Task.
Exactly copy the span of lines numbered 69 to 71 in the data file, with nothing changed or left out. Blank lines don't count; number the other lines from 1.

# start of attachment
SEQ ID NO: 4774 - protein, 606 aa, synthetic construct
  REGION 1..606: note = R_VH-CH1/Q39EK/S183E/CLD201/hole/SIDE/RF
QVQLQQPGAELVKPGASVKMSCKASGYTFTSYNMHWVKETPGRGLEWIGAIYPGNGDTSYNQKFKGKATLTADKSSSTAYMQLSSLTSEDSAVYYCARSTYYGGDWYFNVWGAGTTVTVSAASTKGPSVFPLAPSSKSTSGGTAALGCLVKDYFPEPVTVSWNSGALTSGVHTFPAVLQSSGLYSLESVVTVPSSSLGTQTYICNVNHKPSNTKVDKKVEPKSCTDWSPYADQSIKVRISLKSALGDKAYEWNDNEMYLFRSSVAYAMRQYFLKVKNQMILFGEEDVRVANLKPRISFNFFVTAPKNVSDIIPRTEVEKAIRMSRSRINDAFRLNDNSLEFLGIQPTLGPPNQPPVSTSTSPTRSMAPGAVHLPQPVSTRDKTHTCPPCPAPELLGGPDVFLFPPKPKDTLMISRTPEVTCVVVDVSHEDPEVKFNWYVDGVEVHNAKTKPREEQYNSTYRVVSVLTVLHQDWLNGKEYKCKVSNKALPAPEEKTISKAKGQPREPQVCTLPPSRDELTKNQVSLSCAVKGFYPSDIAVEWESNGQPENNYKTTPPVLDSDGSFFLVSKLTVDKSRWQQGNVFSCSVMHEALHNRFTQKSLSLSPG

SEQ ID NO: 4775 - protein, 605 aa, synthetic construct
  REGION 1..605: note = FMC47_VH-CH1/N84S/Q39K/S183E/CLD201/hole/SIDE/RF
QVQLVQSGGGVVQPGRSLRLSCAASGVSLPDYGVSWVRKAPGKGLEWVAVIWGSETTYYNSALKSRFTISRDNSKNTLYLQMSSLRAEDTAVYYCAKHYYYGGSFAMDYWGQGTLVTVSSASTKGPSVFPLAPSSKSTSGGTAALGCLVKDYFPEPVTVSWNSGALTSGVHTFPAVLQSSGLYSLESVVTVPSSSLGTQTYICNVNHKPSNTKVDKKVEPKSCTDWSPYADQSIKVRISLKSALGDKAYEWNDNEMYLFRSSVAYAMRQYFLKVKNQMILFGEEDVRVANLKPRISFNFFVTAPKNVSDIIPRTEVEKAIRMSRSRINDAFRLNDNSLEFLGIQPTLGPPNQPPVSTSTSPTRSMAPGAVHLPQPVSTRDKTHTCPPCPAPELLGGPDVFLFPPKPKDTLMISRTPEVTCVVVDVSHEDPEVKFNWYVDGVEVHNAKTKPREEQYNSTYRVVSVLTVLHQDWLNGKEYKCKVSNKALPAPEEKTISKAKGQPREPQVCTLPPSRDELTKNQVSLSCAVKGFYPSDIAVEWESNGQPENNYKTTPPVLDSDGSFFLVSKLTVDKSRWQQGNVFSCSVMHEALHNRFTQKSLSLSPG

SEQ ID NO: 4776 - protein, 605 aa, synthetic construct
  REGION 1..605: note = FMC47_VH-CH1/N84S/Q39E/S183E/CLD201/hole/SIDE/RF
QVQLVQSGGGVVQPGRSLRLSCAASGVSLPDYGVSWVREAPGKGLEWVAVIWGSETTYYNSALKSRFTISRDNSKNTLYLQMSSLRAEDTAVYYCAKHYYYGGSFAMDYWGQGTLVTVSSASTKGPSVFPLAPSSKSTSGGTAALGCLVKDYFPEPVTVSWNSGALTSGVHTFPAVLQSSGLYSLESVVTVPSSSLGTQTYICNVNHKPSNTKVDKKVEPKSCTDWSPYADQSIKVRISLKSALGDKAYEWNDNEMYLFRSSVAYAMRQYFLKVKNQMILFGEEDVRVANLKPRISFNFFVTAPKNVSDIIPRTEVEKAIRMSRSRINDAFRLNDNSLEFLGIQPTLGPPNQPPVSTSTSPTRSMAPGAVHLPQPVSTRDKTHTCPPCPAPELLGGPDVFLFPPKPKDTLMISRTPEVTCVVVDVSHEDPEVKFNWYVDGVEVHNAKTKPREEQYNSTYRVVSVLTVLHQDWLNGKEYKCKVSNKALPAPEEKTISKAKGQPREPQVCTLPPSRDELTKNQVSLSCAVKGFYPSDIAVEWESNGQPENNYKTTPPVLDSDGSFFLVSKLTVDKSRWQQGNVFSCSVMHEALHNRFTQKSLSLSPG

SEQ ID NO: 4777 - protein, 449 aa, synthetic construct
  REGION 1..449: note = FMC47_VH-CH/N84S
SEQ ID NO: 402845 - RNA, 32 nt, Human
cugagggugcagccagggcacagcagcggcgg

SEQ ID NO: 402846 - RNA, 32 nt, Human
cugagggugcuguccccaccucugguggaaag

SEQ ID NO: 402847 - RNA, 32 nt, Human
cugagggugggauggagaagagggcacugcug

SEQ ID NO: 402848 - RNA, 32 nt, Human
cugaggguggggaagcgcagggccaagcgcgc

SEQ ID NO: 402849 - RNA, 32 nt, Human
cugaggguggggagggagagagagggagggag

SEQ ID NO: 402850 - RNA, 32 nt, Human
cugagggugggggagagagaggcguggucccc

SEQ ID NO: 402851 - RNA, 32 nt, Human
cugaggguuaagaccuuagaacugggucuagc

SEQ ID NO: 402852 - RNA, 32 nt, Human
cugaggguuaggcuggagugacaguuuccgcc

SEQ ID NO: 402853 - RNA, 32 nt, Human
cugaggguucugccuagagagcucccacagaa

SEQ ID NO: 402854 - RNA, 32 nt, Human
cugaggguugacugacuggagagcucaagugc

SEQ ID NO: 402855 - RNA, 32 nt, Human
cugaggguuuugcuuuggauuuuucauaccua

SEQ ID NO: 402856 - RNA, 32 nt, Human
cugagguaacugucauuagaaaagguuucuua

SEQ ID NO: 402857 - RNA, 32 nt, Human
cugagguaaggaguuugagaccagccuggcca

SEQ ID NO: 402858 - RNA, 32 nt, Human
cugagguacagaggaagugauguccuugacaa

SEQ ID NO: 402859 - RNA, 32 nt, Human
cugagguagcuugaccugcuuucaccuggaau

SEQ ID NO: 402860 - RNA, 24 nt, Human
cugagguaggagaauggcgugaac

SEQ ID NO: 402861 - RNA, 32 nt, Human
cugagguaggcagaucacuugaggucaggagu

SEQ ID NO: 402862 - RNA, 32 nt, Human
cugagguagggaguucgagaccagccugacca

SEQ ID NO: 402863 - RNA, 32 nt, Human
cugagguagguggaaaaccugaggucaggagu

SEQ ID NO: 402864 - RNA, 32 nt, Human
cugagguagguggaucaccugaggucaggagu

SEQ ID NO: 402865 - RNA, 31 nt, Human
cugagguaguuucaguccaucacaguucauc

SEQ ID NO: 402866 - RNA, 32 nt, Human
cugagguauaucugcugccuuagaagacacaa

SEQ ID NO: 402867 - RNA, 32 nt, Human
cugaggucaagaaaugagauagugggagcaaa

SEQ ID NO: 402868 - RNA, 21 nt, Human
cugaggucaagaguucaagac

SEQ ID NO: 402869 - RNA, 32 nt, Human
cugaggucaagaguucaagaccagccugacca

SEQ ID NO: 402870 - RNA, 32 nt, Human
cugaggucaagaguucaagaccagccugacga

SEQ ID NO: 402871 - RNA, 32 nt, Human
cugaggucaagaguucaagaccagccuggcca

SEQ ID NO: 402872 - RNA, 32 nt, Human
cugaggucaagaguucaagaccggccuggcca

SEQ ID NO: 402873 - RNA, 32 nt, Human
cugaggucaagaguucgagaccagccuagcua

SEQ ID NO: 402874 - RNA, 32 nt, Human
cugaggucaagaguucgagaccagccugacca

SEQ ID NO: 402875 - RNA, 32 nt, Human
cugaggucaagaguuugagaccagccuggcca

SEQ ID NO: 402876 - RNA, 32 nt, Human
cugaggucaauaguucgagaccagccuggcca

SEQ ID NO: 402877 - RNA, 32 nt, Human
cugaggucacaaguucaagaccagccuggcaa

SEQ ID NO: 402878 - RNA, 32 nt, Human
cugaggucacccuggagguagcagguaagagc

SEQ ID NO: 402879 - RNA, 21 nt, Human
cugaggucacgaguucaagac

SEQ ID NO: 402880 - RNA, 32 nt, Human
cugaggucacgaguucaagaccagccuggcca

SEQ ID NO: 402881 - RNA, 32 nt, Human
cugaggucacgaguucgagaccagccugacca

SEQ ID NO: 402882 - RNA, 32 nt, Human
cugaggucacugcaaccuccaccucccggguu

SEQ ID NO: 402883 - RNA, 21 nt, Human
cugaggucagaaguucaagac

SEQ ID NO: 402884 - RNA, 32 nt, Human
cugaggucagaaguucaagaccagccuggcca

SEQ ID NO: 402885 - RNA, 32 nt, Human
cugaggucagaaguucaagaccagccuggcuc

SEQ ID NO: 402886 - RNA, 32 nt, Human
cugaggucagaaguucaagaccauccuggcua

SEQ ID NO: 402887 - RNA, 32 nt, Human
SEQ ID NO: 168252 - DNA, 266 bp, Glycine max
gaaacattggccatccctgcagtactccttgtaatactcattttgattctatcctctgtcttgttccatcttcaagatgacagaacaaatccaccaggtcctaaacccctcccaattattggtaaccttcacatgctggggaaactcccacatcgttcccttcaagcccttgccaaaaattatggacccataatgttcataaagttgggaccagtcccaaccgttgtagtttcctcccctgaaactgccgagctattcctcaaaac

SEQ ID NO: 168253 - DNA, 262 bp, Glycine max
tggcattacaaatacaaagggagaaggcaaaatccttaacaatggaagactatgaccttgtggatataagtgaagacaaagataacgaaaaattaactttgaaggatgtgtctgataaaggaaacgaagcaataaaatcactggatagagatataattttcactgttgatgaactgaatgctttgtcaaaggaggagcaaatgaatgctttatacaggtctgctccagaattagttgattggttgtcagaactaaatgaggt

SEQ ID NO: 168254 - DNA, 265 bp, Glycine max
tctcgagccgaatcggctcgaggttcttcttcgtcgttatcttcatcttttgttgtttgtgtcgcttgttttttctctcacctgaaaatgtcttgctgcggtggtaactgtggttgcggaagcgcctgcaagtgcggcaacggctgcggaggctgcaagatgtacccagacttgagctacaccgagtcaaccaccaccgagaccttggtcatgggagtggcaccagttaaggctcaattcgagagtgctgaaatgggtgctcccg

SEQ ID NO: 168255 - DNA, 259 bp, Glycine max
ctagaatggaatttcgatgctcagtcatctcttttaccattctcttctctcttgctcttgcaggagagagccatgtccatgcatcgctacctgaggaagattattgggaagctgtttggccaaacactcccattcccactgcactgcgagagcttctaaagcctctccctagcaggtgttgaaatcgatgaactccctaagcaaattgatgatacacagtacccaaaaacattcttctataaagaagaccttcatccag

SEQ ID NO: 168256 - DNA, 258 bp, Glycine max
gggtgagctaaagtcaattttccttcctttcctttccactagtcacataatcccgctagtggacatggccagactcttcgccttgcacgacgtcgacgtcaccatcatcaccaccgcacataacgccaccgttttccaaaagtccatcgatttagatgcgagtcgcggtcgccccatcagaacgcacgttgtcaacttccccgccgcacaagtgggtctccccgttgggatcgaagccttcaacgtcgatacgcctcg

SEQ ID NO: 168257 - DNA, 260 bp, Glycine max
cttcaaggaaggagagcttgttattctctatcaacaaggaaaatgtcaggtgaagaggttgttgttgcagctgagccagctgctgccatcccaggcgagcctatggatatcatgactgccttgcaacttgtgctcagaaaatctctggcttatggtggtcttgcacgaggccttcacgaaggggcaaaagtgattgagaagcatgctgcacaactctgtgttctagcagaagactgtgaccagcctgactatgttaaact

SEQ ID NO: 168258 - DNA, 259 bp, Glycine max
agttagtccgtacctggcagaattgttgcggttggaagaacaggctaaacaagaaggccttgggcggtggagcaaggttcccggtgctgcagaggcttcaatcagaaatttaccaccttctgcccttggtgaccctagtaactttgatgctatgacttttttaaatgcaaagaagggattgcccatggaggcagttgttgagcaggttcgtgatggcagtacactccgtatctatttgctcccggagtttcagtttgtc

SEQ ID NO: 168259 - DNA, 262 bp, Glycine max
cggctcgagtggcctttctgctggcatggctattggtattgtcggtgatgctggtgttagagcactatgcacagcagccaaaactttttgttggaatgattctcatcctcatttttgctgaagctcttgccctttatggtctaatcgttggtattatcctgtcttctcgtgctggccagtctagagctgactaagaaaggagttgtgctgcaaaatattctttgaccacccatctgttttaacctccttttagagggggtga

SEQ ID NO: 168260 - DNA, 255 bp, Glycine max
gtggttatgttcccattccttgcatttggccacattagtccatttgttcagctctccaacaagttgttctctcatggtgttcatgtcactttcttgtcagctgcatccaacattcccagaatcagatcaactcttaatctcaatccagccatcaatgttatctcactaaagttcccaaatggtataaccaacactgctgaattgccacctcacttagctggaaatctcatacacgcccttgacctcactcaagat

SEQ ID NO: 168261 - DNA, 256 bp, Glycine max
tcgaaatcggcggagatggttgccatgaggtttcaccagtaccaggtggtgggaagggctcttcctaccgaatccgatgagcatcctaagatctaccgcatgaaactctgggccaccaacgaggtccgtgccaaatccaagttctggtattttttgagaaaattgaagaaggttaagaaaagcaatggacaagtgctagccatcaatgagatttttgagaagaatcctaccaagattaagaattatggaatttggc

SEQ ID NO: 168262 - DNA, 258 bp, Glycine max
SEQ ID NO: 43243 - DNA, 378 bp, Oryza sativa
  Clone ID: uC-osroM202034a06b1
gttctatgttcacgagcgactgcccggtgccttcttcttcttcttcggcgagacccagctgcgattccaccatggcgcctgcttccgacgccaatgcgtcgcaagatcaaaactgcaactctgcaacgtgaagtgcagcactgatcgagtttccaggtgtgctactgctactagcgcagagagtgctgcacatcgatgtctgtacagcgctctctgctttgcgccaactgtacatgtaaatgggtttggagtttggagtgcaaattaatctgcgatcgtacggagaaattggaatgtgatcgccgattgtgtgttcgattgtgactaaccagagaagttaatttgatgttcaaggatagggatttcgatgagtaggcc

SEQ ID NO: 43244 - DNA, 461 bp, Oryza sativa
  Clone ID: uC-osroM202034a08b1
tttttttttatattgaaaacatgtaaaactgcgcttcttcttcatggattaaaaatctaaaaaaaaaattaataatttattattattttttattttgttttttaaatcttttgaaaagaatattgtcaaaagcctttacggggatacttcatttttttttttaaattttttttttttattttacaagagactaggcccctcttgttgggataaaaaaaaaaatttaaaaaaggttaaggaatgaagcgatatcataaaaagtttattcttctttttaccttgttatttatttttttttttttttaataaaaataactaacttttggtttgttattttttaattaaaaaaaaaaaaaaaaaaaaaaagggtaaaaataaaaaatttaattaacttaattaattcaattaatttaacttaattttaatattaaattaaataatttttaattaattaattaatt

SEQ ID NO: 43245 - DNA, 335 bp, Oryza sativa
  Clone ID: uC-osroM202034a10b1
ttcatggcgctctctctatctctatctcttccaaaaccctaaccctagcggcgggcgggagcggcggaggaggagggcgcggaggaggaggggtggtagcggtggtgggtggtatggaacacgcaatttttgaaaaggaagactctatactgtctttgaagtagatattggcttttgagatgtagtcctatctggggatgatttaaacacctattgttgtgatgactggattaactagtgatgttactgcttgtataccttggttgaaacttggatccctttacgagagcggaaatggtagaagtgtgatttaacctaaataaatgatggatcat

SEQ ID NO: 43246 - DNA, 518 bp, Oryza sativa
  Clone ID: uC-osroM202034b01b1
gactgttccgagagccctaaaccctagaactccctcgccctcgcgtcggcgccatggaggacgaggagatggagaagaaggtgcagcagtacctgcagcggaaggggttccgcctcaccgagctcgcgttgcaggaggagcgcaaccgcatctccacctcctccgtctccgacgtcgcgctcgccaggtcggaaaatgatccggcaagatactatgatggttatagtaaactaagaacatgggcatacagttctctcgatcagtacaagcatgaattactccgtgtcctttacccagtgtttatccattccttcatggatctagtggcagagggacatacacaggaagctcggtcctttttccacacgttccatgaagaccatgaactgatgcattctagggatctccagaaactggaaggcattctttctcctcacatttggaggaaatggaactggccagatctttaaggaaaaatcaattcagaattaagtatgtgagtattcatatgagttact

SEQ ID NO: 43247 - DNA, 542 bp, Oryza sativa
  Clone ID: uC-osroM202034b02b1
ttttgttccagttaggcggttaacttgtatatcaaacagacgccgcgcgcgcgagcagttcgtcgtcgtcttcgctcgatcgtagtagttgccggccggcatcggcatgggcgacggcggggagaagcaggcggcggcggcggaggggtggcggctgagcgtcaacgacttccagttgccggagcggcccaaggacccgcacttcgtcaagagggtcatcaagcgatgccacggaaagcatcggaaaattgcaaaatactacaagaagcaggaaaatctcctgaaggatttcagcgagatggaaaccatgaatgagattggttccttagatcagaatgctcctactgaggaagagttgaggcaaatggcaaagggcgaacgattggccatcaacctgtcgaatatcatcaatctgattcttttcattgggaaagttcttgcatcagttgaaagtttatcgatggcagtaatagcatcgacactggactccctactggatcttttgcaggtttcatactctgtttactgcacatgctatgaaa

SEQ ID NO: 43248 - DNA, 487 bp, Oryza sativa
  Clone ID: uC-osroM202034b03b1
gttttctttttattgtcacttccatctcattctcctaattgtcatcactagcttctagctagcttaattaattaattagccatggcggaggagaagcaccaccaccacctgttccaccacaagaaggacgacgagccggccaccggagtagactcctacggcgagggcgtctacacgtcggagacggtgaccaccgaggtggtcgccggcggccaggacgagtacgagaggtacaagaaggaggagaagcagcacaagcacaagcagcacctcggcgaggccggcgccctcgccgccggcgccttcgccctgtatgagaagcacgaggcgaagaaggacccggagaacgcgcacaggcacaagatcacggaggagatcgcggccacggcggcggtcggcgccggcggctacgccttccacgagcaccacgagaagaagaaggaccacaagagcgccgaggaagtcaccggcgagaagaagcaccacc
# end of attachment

cugaggucaagaguucgagaccagccuagcua

SEQ ID NO: 402874 - RNA, 32 nt, Human
cugaggucaagaguucgagaccagccugacca